Copyright ©2011 NPR. For personal, noncommercial use only. See Terms of Use. For other uses, prior permission required.

ROBERT SIEGEL, host:

From NPR News, this is ALL THINGS CONSIDERED. I'm Robert Siegel.

MICHELE NORRIS, host:

And I'm Michele Norris.

This month marks the 50th anniversary of the inauguration of President John F. Kennedy. If the event seems like ancient history to some, the Kennedy Library and the National Archives hope to make it a bit more accessible.

Today, they announced that they've put all of the 35th president's important speeches, papers and recordings online.

NPR's Brian Naylor reports.

BRIAN NAYLOR: Go to www.jfklibrary.org and you can find the famous, like the president's inaugural address from January 20th, 1961.

President JOHN F. KENNEDY: And so, my fellow Americans, ask not what your country can do for you. Ask what you can do for your country.

NAYLOR: And there's the less well-known. Here's part of a 1962 TV and radio address on the admission of the first African-American to the University of Mississippi.

President JOHN F. KENNEDY: Mr. James Meredith is now in residence on the campus of the University of Mississippi. This has been accomplished thus far without the use of National Guard or other troops.

NAYLOR: The digital archive includes over 200,000 pages of speeches and notes, hundreds of reels of audiotape, and over a thousand recorded phone conversations.

JFK Library director Thomas Putnam says putting it online was a long and painstaking process.

Mr. THOMAS PUTNAM (Director, JFK Library): It's been a four-year project. It's very labor-intensive because all of these documents and photos weren't born digitally, so each one needs to be hand-scanned.

NAYLOR: The documents now online have been available at the brick and mortar JFK Library in Boston. But now anyone with access to a computer and the Internet can view firsthand drafts of Kennedy's inaugural, showing how the famous phrase, ask not what you can do for your country, evolved from, ask not what your country is going to do. Putnam's favorite find?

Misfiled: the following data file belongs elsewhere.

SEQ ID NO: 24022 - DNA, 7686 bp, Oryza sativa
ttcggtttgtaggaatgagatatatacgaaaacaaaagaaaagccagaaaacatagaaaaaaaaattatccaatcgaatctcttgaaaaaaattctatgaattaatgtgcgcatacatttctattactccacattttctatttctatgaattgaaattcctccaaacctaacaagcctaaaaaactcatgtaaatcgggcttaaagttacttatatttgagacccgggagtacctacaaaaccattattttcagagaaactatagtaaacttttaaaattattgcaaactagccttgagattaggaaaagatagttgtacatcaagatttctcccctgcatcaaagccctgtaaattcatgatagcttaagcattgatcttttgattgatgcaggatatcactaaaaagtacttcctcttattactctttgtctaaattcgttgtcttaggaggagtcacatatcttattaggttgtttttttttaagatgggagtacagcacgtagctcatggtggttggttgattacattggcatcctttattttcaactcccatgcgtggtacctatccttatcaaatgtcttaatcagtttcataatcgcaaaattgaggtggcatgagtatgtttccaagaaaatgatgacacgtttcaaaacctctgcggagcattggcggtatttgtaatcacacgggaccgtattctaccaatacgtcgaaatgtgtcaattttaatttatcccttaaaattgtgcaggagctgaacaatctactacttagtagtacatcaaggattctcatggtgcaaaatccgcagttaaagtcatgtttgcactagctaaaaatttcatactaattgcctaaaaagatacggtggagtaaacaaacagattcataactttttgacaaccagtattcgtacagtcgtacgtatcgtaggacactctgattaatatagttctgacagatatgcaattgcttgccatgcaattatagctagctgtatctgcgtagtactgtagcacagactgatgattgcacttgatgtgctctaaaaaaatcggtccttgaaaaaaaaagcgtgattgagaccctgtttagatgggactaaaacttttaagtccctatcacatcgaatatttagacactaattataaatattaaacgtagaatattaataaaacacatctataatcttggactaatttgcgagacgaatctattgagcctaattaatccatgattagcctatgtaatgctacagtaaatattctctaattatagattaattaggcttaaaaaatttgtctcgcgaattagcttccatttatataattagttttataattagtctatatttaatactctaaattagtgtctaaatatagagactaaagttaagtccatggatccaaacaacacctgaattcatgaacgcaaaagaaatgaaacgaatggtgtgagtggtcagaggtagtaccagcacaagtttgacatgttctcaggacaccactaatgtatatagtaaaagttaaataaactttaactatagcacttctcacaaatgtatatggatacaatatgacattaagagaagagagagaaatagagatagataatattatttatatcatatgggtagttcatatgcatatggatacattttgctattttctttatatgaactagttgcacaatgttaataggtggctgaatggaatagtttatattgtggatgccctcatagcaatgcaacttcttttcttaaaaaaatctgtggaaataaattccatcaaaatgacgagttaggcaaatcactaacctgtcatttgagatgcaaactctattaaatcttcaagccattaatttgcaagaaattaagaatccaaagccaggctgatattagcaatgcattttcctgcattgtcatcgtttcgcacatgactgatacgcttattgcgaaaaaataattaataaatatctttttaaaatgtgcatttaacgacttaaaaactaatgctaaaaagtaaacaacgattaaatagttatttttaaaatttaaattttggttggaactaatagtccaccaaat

Mr. PUTNAM: I really do love the conversations he has during the middle of Cuban missile crisis. I mean, nothing can bring you closer to that moment about what he was trying to deal with and hearing, you know, even the laughter in the conversation between him and Eisenhower.

(Soundbite of conversation between Pres. John F. Kennedy and Pres. Dwight D. Eisenhower)

President DWIGHT D. EISENHOWER: Something may make these people shoot them off, I just don't believe this will.

President JOHN F. KENNEDY: Right.

President DWIGHT D. EISENHOWER: (Unintelligible) I'll say this, I'd want to keep my own people very alert.

President JOHN F. KENNEDY: Yeah. Well, hang on tight.

President DWIGHT D. EISENHOWER: Yes, sir.

President JOHN F. KENNEDY: Thanks a lot, General.

President DWIGHT D. EISENHOWER: All right.

NAYLOR: At a reception announcing the opening of the online archive, Caroline Kennedy said her father's example, words, and spirit are more important than ever.

Ms. CAROLINE KENNEDY: Using today's technology, we will be able to give today's generation access to the historical record and challenge them to answer my father's call to service to solve the problems of our own time.

NAYLOR: The president's daughter contributed to the archive. Her name is carefully printed in her then 5-year-old's handwriting on the back of one of Kennedy's papers.

Brian Naylor, NPR News, Washington.

Copyright © 2011 NPR. All rights reserved. No quotes from the materials contained herein may be used in any media without attribution to NPR. This transcript is provided for personal, noncommercial use only, pursuant to our Terms of Use. Any other use requires NPR's prior permission. Visit our permissions page for further information.

NPR transcripts are created on a rush deadline by a contractor for NPR, and accuracy and availability may vary. This text may not be in its final form and may be updated or revised in the future. Please be aware that the authoritative record of NPR's programming is the audio.

Comments

 

Please keep your community civil. All comments must follow the NPR.org Community rules and terms of use, and will be moderated prior to posting. NPR reserves the right to use the comments we receive, in whole or in part, and to use the commenter's name and location, in any medium. See also the Terms of Use, Privacy Policy and Community FAQ.